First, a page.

Symptoms of the Common Cancers
Submitted by Andrew Daigle On 2007-02-25
Each year statistics show that the number of
cancer cases newly diagnosed continues to rise however
advances in diagnostic procedures and treatments means that more and more
lives are being saved. Not surprisingly, even more people could survive
cancer if they knew the common signs and symptoms to look for because
the earlier that cancer is diagnosed the better the chance of curing it.
This article will outline the main symptoms that are often experienced by sufferers of the most common forms of cancer. These symptoms can vary between people and so it may be that while some people experience all of the symptoms others may only have one or two.
Most common cancer in males
· Prostate cancer
Most common cancer in females
· Breast cancer
Most prevalent cancers common to both males and females
· Lung cancer
· Colon/rectal cancer
Below are the most common symptoms that a sufferer of these cancers may experience and which may help to secure an early diagnosis:
Symptoms of Prostate Cancer
The early symptoms of prostate cancer are often ignored until they start to become a nuisance. These symptoms include:
· An inability to urinate even though the sufferer has an urge to go
· Prolonged urination that may take longer than normal to complete
· Frequent urination that gets worse during the night hours
· The feeling of needing to pass more urine even though there is none left
· Slight incontinence caused by the bladder failing to release the last drops of urine
Unfortunately the same set of symptoms can be caused by at least two other prostate complaints and so a diagnosis of prostate cancer is often delayed i.e. it is masked by one of the other two conditions.
Symptoms of Breast Cancer
It is very rare for breast cancer symptoms to become apparent in the diseases early stages. When symptoms do occur they usually only affect one breast and may include:
· A lump in the breast which is usually painless and may be located deep within the breast tissue or just under the skin
· Dimpling of the skin in the area of the lump, or swelling of the skin with an ‘orange peel’ appearance
· Inversion of the nipple
· A bloodstained nipple discharge
If breast cancer is not treated it can quickly spread to the nearby lymph nodes and then to other organs, such as the lungs, liver and bones where it causes additional symptoms. Breast cancer statistics suggest that the number of newly diagnosed cases remains steady however the number of deaths is falling. This may be because of advances in treatment however it may also be because breast cancer awareness is now one of the major subjects in the public eye.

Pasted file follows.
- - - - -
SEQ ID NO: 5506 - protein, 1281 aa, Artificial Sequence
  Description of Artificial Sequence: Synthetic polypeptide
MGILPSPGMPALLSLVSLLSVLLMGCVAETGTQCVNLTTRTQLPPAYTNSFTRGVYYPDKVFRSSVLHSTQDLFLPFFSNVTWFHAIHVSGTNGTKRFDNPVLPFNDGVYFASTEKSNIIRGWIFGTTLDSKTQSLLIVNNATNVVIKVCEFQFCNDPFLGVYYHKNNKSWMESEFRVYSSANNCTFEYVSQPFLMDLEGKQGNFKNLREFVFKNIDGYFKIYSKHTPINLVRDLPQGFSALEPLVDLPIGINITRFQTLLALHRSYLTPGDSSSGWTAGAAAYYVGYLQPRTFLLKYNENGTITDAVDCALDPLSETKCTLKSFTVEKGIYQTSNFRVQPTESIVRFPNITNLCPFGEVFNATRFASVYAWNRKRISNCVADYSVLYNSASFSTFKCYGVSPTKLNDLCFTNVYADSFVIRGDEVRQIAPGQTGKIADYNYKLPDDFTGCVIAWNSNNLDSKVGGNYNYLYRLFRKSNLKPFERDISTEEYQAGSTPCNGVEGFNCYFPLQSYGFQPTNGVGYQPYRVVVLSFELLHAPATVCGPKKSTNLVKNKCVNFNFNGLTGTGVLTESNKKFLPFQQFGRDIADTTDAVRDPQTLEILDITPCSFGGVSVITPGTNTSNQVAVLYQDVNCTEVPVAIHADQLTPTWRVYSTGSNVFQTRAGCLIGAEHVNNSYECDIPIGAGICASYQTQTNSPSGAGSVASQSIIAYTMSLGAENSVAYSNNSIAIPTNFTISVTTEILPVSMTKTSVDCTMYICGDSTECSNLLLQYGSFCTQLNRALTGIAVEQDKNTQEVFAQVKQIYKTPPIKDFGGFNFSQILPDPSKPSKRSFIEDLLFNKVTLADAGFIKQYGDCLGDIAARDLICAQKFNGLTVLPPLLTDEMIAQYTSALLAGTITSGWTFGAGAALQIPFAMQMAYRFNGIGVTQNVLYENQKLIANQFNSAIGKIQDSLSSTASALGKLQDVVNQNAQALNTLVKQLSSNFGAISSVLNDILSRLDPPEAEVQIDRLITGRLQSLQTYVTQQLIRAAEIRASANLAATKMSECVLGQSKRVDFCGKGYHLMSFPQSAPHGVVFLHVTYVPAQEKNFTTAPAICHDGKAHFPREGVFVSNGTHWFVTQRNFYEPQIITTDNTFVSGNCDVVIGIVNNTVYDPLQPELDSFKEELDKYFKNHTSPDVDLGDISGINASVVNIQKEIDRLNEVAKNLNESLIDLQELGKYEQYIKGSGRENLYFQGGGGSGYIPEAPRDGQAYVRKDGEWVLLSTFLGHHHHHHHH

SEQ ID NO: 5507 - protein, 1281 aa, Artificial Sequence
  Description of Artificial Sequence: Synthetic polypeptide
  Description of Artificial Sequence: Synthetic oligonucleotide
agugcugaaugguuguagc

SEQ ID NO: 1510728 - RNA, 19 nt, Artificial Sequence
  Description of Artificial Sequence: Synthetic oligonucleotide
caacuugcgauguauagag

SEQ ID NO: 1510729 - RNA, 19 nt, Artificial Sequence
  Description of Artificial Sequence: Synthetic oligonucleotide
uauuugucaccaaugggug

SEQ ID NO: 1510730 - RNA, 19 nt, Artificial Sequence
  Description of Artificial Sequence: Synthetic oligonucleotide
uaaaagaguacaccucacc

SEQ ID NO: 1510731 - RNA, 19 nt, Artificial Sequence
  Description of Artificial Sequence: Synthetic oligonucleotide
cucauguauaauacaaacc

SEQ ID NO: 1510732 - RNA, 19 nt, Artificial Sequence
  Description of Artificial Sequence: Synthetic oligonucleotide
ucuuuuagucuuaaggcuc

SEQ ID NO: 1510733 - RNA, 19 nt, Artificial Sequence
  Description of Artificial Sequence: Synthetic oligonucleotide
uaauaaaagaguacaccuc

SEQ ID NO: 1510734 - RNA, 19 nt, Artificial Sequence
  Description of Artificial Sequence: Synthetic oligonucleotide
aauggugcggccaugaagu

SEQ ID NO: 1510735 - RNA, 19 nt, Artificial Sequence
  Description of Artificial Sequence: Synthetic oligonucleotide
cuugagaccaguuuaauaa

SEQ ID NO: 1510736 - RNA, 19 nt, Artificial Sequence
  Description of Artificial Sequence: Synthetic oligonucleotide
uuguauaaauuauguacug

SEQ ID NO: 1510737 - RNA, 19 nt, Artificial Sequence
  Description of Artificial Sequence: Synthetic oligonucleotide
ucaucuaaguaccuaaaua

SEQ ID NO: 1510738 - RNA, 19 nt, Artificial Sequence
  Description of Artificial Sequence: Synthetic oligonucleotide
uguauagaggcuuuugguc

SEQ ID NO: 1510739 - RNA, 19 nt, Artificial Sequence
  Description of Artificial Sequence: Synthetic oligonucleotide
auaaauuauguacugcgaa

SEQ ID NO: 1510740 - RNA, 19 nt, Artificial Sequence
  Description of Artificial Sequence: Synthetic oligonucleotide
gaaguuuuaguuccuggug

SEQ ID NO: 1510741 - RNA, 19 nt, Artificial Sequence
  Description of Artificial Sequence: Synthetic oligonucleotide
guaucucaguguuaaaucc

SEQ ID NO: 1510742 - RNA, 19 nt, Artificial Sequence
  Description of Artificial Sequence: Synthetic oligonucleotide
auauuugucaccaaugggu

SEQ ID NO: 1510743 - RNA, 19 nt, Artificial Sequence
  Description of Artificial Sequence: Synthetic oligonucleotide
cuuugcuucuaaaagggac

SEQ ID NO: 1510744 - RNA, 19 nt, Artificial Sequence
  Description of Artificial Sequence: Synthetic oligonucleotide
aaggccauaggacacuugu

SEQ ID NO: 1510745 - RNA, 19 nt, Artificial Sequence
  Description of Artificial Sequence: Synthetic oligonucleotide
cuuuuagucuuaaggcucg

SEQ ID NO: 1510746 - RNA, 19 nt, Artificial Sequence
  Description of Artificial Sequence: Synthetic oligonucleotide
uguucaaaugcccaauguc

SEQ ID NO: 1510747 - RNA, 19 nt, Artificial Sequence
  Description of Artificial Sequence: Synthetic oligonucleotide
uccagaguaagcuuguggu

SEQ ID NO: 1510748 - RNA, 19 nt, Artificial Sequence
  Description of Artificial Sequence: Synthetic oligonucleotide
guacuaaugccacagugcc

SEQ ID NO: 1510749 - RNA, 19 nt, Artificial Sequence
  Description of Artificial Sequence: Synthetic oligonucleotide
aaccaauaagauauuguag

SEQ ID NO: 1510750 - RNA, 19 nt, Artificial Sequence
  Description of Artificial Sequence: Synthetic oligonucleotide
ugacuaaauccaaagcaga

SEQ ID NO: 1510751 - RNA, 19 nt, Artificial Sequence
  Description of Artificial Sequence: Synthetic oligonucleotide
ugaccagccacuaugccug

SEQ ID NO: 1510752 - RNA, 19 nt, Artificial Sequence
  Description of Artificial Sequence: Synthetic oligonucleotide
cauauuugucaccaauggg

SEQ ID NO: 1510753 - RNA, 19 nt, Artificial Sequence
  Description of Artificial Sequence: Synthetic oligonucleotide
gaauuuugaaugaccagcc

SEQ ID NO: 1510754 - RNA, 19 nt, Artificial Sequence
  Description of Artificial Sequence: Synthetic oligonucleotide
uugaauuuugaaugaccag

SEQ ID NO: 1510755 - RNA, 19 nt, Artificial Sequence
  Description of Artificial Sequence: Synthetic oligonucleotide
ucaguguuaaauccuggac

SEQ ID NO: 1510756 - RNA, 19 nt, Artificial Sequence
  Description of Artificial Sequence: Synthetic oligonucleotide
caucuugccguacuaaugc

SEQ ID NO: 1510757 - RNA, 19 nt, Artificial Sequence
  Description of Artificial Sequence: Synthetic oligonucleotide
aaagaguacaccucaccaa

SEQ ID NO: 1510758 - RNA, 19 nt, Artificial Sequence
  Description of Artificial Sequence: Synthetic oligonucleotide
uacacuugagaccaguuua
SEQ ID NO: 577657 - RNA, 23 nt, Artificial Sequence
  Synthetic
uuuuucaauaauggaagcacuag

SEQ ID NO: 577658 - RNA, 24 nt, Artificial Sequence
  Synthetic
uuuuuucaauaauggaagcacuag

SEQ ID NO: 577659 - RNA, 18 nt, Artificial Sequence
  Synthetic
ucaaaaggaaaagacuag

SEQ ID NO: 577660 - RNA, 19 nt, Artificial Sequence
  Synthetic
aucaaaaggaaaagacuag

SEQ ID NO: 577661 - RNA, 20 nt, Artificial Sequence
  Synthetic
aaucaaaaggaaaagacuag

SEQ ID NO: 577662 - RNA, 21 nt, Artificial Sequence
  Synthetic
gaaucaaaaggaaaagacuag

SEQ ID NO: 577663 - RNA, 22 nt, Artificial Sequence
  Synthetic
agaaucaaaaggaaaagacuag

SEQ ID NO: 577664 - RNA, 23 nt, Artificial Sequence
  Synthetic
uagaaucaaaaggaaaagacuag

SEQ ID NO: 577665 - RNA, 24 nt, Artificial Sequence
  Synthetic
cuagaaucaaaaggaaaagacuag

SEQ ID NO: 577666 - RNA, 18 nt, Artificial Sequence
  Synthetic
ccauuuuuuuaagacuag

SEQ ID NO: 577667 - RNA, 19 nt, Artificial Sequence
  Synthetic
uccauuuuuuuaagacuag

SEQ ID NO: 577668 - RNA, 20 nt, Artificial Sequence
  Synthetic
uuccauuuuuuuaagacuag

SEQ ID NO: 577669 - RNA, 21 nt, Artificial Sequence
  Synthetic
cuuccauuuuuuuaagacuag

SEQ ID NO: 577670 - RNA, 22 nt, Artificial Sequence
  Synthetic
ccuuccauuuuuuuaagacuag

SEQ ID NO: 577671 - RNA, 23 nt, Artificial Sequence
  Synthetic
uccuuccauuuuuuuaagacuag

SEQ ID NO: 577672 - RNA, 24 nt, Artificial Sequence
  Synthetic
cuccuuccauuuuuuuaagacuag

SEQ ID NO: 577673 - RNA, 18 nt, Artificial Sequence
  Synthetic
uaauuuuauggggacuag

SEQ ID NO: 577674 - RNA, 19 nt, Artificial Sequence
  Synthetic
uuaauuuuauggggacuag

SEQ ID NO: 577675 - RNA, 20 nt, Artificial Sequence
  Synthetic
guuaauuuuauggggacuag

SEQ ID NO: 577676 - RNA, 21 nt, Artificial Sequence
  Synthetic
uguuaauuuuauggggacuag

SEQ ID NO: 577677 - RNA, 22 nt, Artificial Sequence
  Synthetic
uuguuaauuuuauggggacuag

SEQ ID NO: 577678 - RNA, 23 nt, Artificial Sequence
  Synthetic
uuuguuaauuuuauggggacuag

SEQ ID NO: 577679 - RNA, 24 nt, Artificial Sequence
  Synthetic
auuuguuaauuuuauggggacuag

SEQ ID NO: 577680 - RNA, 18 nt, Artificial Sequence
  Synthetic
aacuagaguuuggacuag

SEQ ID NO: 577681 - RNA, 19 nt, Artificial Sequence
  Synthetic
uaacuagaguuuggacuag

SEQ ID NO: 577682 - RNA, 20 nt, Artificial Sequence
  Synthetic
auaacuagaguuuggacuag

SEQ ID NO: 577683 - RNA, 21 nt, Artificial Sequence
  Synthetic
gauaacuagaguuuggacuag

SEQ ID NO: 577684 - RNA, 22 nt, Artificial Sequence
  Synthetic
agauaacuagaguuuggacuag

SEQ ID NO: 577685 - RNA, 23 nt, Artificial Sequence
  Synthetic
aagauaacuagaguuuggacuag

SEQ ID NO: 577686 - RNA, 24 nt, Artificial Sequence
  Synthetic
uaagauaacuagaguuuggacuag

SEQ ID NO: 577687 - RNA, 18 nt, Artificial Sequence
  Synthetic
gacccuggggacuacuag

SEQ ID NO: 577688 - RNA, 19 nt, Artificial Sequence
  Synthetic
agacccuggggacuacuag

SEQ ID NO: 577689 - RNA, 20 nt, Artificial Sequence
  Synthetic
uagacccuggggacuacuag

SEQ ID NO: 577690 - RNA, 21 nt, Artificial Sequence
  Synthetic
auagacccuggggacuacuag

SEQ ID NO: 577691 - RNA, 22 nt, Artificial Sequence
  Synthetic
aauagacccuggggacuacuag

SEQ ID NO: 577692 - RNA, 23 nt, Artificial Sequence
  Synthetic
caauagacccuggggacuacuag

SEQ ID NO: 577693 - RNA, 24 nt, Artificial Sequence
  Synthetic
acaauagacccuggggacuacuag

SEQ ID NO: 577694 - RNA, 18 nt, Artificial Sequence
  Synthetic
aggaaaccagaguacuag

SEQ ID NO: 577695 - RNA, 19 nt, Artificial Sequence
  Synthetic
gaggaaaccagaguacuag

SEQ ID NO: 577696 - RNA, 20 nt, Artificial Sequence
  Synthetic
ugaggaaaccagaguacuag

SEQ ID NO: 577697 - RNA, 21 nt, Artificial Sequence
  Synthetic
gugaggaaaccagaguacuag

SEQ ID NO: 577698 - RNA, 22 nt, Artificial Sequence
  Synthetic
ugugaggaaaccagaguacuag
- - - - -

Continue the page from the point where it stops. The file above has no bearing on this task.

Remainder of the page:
Lung Cancer Symptoms
The symptoms of lung cancer depend on how far advanced the tumour is however the initial symptoms may include:
· A new persistent cough, or a change in a long standing cough, sometimes with blood-streaked sputum
· Chest pain which may be felt as a dull ache or as a sharp pain that is worse on inhaling
· Shortness of breath
· Wheezing if the tumour is blocking an airway
· Abnormal curvature of the finger nails, known as clubbing
Secondary lung cancer i.e. cancer that originates elsewhere in the body and travels to the lungs, may not cause any symptoms or alternatively very mild symptoms and so anybody experiencing even slight symptoms should consult a doctor as soon as possible.
Colon Cancer Symptoms
Again colon cancer can remain undetected for a number of years and any early symptoms are attributed to other less serious conditions. The symptoms to look out for include:
· The presence of blood in the stools
· Anaemia i.e. pale skin, tiredness etc.
· A change in normal bowel movements that last longer than a few days
· A feeling of needing another bowel movement even though you have just been
· Other digestive symptoms i.e. nausea, vomiting, bloatedness, stomach cramps or a constant stomach ache, trapped gas.
Even though these symptoms are described as early symptoms they are in reality late symptoms and more often than not the cancer is in a late stage when it is finally diagnosed. In some cases the primary tumour i.e. that in the colon, fails to exhibit any symptoms at all and the sufferer only realises they are ill when the cancer spreads to other areas of the body and secondary symptoms are felt there.
Article Source: Andrew Daigle at JPServicez-SearchArticles.com
|About the Author|
|Andrew Daigle is the owner, creator and author of
many successful websites including
CancerAbout, a Cancer Resource site and a
Mesothelioma Lawyer Resource site.